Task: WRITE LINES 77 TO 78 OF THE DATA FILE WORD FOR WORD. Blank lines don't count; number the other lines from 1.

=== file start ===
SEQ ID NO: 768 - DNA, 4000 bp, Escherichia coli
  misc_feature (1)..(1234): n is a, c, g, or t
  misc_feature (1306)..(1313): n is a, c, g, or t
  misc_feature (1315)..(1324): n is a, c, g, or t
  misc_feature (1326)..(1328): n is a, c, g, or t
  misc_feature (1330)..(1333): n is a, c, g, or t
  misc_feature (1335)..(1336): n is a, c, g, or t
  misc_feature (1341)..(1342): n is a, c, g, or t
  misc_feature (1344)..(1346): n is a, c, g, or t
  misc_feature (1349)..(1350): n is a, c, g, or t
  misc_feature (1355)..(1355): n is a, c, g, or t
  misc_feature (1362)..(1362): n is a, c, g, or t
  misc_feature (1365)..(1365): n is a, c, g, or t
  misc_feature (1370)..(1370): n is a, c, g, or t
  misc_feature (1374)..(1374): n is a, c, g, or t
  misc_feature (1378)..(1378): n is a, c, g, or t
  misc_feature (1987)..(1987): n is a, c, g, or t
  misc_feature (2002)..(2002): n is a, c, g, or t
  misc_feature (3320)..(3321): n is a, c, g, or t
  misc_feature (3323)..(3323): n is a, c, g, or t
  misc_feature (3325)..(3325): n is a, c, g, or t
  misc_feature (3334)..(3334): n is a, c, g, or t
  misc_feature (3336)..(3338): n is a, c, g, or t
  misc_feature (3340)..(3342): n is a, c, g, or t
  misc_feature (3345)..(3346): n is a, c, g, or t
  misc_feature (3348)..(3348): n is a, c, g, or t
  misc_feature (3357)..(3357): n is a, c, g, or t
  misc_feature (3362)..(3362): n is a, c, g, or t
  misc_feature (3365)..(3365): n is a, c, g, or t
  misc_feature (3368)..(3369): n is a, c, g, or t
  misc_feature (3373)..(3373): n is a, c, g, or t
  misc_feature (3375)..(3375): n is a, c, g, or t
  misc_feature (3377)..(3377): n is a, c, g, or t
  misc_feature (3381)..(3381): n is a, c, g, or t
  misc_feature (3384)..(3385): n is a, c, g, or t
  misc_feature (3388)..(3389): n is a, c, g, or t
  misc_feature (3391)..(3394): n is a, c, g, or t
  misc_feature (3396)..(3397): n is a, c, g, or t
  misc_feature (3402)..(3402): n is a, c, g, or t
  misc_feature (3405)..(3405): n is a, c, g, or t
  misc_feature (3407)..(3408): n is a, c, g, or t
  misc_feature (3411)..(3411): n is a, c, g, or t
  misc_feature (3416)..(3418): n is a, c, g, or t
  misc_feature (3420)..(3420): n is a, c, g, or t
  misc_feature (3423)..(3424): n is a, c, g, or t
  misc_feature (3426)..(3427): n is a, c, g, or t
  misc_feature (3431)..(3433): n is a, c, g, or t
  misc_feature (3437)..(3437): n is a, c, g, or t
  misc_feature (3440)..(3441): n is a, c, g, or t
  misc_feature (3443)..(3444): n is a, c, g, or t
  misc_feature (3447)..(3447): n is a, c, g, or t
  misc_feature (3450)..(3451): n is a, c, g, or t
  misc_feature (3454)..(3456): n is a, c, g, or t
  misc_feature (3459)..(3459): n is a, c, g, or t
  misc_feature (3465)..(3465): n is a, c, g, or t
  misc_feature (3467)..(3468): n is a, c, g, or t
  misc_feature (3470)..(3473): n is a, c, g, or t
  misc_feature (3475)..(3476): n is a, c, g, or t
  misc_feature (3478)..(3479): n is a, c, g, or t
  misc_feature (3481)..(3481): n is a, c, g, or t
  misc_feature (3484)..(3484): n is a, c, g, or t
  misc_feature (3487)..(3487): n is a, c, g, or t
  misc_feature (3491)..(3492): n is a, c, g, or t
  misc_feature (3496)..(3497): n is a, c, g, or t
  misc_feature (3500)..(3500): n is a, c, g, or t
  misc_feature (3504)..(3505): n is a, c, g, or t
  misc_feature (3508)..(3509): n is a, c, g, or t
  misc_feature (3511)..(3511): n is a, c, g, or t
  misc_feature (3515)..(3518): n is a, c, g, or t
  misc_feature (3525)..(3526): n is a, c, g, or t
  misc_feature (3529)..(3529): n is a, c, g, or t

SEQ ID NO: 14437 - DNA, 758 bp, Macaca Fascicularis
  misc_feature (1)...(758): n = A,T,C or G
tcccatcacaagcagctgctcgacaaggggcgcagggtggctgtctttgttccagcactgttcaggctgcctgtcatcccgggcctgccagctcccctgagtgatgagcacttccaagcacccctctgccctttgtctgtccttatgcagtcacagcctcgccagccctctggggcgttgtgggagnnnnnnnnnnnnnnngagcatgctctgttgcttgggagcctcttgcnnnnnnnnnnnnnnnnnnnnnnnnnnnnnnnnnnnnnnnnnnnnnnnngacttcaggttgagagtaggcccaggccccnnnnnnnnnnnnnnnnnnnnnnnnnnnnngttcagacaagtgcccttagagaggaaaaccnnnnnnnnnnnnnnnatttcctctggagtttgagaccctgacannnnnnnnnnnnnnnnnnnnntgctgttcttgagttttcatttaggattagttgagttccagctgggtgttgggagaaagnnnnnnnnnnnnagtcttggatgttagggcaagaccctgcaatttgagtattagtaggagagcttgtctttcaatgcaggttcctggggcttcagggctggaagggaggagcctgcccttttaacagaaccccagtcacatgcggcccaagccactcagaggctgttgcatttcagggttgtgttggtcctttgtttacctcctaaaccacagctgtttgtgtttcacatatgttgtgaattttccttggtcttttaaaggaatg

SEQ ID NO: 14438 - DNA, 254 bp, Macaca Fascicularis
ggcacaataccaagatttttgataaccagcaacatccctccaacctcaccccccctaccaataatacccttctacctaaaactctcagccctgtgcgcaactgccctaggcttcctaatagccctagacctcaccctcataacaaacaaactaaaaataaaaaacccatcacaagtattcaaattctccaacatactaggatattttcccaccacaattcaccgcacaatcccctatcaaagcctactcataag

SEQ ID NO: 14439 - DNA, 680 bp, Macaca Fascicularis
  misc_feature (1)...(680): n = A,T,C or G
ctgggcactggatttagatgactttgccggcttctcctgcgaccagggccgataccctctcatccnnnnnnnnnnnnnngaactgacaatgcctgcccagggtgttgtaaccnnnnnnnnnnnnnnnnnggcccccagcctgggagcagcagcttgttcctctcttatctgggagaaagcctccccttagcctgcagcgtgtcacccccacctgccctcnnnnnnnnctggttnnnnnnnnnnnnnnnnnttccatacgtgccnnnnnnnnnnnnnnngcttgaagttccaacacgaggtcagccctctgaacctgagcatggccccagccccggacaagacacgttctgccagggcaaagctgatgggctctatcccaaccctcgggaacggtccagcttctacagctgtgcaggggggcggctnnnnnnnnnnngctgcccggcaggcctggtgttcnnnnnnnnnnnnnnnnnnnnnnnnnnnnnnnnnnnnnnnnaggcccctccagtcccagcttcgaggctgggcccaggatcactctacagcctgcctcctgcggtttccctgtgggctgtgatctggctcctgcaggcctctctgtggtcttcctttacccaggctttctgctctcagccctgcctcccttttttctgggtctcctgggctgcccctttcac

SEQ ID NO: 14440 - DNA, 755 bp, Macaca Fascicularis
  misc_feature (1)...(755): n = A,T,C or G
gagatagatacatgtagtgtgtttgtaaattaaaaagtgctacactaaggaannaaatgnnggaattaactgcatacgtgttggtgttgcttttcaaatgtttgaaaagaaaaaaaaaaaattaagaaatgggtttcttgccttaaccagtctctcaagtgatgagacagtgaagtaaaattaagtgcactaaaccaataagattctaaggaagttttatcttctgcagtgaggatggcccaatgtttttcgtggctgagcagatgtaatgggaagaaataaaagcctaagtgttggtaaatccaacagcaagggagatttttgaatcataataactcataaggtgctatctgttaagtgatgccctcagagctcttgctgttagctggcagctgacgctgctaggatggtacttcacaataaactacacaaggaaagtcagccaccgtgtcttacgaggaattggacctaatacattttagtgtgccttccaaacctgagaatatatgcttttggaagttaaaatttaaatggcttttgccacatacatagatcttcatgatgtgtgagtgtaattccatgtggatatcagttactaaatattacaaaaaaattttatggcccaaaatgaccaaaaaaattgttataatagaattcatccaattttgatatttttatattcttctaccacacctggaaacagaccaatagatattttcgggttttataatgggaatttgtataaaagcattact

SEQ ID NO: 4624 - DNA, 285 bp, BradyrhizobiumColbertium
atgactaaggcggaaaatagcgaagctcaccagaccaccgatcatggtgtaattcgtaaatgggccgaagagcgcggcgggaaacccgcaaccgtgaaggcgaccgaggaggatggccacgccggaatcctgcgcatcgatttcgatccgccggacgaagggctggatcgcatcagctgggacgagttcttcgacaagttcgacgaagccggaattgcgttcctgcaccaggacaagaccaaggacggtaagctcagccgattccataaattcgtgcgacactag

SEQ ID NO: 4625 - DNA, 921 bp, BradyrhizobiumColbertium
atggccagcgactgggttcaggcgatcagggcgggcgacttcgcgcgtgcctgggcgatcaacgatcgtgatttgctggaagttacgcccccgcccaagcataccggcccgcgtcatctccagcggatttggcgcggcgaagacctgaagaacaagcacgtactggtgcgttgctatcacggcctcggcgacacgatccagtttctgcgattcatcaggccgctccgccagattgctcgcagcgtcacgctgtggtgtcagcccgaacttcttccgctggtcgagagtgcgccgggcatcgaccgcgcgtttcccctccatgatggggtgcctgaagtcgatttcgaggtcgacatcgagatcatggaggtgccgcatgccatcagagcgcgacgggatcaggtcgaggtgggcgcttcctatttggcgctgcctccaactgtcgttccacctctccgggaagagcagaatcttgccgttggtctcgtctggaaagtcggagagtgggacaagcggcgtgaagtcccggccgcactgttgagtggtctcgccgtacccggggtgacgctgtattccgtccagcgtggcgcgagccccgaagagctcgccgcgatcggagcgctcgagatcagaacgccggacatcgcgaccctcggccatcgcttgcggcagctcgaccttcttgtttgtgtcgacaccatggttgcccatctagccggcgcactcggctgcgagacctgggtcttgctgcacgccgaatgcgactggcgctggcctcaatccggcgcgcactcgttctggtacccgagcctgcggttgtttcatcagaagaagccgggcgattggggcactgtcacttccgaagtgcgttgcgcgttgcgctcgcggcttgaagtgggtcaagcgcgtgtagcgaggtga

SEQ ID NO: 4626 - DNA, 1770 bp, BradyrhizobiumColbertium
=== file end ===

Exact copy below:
SEQ ID NO: 14439 - DNA, 680 bp, Macaca Fascicularis
  misc_feature (1)...(680): n = A,T,C or G